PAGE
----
designer nanoparticles as efficient nucleation agents in polymer foaming
Low density nanocellular polymer nanocomposite foams are considered as a promising new class of materials with many potential applications, for instance, in high performance thermal insulation. Nanoparticles in these foams act as energetically favorable heterogeneous nucleation sites. However, the currently reported cell nucleation efficiency in polymer nanocomposite foaming is very low, i.e. below 0.01. This results in foams with relatively low cell densities. In this thesis the design and synthesis of surface functionalized nanoparticles and their exploitation as highly efficient cell nucleation agents in CO2 assisted polymer nanocellular foaming is presented and discussed. PMMA was selected as the foam matrix polymer due to its reported potential for the fabrication of nanocellular foams with a high porosity. As a comparison, PS was used, as well. Decoration of silica nanoparticles with a diameter of 80 nm with a low surface energy and high CO2-philic thin polymer shell, e.g. PDMS, resulted in nucleation efficiencies of up to ~0.5. The low surface energy and relatively high CO2 sorption in the shell is favorable for heterogeneous nucleation and as a consequence these particles outperform every currently known nanoparticles as heterogeneous nucleation sites.
The influence of nanoparticle curvature on cell nucleation was studied, as well. The results show that nanoparticles with a diameter below 40 nm were less efficient as nucleation agents compared to particles with a diameter of 60 nm or larger. This is ascribed to the presence of a line tension at the three phase contact line of a nucleated bubble with the nanoparticle and viscoelastic polymer. The line tension contributes to a higher nucleation energy and thus renders these particles less efficient compared to their larger counter parts. This extra energy penalty is not considered in the classical nucleation theory and its adaptations. Experimentally the presence of a positive line tension was confirmed by the absence of the smallest nanoparticles (diameter < 40 nm) at the polymer cell wall gas phase interface, i.e. the particles were engulfed by the polymer. Particularly interesting is the fact that when the CO2 saturation pressure was increased from 55 bar to 300 bar, which resulted in an increase CO2 concentration in the PMMA matrix, 60 and 80 nanometer particles were also nearly completed engulfed. This is ascribed to an expected increase in the line tension length. As a consequence of this effect, in combination with an increased homogenous nucleation rate the heterogeneous nucleation efficiency was low.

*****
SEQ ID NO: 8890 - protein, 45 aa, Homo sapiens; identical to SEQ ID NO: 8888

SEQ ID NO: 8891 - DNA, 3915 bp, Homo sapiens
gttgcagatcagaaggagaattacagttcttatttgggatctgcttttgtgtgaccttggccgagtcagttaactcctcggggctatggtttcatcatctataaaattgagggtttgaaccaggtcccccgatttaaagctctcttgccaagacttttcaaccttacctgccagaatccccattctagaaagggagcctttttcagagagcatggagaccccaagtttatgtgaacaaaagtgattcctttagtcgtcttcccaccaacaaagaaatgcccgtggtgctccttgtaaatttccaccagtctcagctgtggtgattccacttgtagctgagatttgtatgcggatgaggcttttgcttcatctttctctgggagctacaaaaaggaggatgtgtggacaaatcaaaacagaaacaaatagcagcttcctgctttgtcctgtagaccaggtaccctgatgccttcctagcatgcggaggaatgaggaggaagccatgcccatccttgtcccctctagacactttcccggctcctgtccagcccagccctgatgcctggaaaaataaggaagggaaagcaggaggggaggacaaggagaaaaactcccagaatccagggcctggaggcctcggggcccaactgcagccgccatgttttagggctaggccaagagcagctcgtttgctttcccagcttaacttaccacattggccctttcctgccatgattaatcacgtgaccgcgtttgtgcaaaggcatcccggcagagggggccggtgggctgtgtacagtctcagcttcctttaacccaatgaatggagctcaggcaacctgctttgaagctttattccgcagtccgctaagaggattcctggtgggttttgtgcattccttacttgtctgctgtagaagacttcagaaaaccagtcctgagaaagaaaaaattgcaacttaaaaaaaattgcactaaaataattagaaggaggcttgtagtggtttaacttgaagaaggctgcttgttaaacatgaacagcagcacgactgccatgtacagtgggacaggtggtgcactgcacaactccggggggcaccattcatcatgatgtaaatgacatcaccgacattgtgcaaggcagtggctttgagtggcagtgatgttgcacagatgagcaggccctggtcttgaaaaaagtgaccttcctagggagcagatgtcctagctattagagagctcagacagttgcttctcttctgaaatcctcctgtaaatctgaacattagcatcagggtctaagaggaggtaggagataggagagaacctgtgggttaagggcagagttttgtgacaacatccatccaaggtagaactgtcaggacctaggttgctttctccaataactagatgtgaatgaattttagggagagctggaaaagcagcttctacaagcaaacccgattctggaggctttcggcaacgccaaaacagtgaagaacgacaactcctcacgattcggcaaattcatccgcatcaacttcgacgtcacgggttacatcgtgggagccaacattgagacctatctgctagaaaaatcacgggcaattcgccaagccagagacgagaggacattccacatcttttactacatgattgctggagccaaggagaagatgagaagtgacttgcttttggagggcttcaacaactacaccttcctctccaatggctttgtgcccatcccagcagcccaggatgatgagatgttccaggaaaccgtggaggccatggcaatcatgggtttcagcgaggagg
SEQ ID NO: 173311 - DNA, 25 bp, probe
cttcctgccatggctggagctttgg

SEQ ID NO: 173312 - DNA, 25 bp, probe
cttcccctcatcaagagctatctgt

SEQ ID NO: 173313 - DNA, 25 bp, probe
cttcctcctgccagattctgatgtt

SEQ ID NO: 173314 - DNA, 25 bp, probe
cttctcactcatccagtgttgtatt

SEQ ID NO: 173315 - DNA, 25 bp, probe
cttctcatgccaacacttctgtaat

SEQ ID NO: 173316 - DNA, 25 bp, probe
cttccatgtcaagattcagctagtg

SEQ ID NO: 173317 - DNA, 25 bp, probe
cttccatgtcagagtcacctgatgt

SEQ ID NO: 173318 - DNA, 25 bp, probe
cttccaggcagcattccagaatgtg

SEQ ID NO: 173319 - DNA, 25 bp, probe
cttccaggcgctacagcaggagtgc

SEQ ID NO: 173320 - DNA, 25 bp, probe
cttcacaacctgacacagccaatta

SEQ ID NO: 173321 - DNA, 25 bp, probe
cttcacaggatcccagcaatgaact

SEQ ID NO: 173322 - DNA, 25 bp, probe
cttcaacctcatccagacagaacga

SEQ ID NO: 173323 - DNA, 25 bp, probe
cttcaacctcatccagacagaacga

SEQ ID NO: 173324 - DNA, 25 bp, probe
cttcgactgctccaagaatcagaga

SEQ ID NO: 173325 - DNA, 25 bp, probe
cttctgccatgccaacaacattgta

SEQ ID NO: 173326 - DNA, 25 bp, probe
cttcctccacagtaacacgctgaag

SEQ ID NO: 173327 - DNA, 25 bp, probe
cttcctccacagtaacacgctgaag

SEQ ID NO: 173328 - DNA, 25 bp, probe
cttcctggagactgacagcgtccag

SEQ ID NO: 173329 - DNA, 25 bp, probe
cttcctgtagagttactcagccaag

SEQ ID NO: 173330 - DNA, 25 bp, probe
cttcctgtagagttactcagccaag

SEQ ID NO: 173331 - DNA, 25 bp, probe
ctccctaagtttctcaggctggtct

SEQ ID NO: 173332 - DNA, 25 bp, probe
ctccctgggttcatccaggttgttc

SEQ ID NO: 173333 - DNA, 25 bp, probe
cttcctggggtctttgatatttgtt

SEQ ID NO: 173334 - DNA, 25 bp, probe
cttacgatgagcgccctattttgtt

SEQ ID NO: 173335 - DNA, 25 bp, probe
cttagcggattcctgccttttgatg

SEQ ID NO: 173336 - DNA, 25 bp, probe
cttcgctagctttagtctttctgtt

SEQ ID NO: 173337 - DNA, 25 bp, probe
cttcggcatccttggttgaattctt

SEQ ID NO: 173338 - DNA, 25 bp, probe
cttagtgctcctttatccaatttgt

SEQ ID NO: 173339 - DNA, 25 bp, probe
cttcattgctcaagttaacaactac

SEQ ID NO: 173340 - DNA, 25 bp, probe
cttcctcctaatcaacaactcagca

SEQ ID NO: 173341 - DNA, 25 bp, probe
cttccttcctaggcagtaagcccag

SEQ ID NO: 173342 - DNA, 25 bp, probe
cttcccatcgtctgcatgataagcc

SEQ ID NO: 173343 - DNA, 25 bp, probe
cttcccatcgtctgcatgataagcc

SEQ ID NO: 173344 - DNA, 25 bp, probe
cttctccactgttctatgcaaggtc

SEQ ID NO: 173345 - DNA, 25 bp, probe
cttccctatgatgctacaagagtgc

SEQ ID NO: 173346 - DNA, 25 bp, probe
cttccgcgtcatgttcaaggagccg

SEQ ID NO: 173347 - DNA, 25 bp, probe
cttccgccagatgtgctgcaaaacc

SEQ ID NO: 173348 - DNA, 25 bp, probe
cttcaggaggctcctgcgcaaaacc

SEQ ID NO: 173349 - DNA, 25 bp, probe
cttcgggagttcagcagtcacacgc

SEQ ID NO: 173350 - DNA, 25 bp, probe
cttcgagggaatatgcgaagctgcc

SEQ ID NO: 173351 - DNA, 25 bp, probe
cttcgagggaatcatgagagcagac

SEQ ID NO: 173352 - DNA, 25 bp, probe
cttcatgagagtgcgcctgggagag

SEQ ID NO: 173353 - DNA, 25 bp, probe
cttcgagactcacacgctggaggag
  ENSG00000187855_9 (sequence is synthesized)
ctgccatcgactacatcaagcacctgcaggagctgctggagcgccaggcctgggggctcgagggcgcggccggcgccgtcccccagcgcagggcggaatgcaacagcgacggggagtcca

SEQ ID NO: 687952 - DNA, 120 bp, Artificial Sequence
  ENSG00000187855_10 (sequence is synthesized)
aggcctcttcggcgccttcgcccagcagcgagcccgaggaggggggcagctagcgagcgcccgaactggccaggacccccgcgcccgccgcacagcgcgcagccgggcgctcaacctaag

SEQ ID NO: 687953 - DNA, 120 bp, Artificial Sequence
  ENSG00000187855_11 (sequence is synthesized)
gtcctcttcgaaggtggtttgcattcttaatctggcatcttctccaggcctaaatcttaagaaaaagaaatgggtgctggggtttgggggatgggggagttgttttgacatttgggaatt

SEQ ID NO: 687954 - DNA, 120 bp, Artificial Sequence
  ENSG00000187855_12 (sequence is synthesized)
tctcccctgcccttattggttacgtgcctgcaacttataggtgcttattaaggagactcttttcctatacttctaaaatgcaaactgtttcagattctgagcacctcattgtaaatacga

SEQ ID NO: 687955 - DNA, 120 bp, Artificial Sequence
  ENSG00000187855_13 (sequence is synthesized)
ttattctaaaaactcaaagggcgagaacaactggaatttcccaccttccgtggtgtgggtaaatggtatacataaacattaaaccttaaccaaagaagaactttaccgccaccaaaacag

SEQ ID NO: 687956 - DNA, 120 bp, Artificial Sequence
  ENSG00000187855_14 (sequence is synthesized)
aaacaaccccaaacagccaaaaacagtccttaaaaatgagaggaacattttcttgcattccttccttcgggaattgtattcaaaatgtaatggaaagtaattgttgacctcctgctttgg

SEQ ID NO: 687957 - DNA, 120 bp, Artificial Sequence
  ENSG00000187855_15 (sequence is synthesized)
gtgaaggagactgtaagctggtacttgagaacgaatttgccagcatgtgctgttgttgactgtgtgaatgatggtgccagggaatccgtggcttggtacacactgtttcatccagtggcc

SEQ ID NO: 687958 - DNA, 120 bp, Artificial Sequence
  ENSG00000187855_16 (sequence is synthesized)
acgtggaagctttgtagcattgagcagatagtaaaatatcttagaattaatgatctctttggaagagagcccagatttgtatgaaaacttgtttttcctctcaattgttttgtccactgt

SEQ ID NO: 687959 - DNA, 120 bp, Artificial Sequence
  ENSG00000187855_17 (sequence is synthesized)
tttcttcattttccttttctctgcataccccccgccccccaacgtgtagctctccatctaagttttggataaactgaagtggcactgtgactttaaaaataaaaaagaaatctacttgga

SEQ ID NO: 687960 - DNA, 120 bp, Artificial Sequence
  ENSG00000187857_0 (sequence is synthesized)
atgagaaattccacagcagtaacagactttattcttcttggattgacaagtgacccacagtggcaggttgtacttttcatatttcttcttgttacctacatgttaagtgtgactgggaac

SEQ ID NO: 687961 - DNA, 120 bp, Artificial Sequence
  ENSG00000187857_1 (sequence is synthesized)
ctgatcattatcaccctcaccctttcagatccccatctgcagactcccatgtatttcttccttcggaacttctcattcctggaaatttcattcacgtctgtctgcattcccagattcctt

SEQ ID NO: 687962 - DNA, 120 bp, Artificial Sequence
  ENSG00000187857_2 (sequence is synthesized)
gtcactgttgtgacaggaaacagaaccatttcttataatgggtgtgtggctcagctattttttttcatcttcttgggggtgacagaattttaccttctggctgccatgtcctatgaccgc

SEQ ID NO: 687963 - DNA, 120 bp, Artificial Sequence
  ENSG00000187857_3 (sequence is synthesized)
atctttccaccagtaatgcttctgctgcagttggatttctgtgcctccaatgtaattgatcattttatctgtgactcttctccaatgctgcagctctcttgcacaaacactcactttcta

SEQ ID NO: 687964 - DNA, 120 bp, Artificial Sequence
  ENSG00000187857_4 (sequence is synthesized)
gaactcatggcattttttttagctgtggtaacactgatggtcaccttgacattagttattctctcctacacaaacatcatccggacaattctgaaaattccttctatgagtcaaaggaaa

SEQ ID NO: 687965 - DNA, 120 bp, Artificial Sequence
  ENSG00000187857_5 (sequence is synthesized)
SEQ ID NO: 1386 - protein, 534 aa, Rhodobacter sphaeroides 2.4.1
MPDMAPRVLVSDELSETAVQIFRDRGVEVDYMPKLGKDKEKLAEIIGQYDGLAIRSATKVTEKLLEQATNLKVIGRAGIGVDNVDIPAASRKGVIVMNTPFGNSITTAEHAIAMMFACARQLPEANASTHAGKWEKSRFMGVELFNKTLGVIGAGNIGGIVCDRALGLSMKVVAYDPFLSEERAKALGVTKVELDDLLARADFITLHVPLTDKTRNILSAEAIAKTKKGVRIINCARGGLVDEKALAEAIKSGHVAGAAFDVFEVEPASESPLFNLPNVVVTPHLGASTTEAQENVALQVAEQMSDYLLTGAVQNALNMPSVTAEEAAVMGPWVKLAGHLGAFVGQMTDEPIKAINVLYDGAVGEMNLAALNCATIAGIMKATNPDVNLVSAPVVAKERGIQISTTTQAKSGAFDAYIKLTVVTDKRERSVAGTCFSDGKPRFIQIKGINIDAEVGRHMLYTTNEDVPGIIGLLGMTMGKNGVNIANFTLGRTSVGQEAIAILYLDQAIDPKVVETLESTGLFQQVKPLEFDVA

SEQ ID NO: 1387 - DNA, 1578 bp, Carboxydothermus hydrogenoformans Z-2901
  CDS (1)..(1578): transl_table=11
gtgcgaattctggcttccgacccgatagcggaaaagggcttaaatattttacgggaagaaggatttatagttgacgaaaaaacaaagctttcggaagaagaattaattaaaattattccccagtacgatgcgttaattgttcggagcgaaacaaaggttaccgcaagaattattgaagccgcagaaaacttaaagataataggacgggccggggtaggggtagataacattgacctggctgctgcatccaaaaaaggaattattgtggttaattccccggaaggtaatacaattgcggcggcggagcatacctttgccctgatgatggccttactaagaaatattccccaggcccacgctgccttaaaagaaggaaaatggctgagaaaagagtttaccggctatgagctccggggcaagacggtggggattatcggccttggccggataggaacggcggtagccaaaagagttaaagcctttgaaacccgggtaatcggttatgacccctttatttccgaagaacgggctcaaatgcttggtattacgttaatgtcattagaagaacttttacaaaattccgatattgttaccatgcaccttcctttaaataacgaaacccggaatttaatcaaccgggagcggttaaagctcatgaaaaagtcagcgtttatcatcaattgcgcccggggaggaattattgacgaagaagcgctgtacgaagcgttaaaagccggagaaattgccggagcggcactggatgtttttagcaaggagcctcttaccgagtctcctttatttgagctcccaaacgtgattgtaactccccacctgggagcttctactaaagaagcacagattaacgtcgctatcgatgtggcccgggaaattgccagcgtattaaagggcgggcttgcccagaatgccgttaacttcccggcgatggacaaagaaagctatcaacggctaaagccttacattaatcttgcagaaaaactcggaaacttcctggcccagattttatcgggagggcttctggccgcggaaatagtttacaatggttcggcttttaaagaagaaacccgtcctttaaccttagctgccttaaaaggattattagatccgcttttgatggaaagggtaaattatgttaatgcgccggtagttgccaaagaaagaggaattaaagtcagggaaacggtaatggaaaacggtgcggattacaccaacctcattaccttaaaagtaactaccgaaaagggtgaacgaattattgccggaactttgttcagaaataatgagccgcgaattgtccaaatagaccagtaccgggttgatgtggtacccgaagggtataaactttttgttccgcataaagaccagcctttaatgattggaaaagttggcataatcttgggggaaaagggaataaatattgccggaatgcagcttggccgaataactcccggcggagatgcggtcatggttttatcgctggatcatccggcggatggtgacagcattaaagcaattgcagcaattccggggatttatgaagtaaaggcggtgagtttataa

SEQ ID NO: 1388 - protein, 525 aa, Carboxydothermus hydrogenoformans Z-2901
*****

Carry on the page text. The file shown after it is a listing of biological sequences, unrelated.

Quasi 2D foaming mimicking experiments confirmed these results. More importantly it is demonstrated that the position of particles existing at the gas viscoelastic polymer interface is strongly size-dependent. The embedding of nanoparticles in CO2 swollen PMMA films exhibits a double transition upon reducing particle size, from adhesion to wetting and eventually to engulfment. Complete particle engulfment is observed for nanoparticles with a diameter of approximately 12 nm or less. These findings are explained quantitatively by a thermodynamic analysis, combining elasticity, capillary adhesion and line tension.
To further enhance the cell nucleation efficiency of nanoparticles, PDMS decorated core-shell nanoparticles with a rough surface were synthesized and exploited as nucleation agents in PMMA nanocellular foaming. With these particles we report for the first time that a cell nucleation efficiency of above 1 was achieved. The highest nucleation efficiency obtained was ~6.2, which is approximately 35 times higher compared to its pristine spherical and rough counterparts. The unusual high nucleation efficiency of these nanoparticles is ascribed to CO2 capillary condensation in the surface cavities combined with the known favorable nanocavity nucleation energy.
Overall, nanoparticles with specifically designed surfaces were synthesized and exploited as highly efficient nucleation agents in CO2 assisted nanocellular polymer foaming. The obtained fundamental insights into heterogeneous cell nucleation at the nanometer length scale offers a framework for the design of highly efficient nucleation agents in the relevant foam processing windows. Future work on these particles is expected to result in foams with a desired cell density and cell size, especially when these nanoparticles are combined with different polymer matrixes that allow i) a good foam cell nucleation and ii) vitrification of the foam matrix at a time scale fast enough so that cell coalescence is prevented.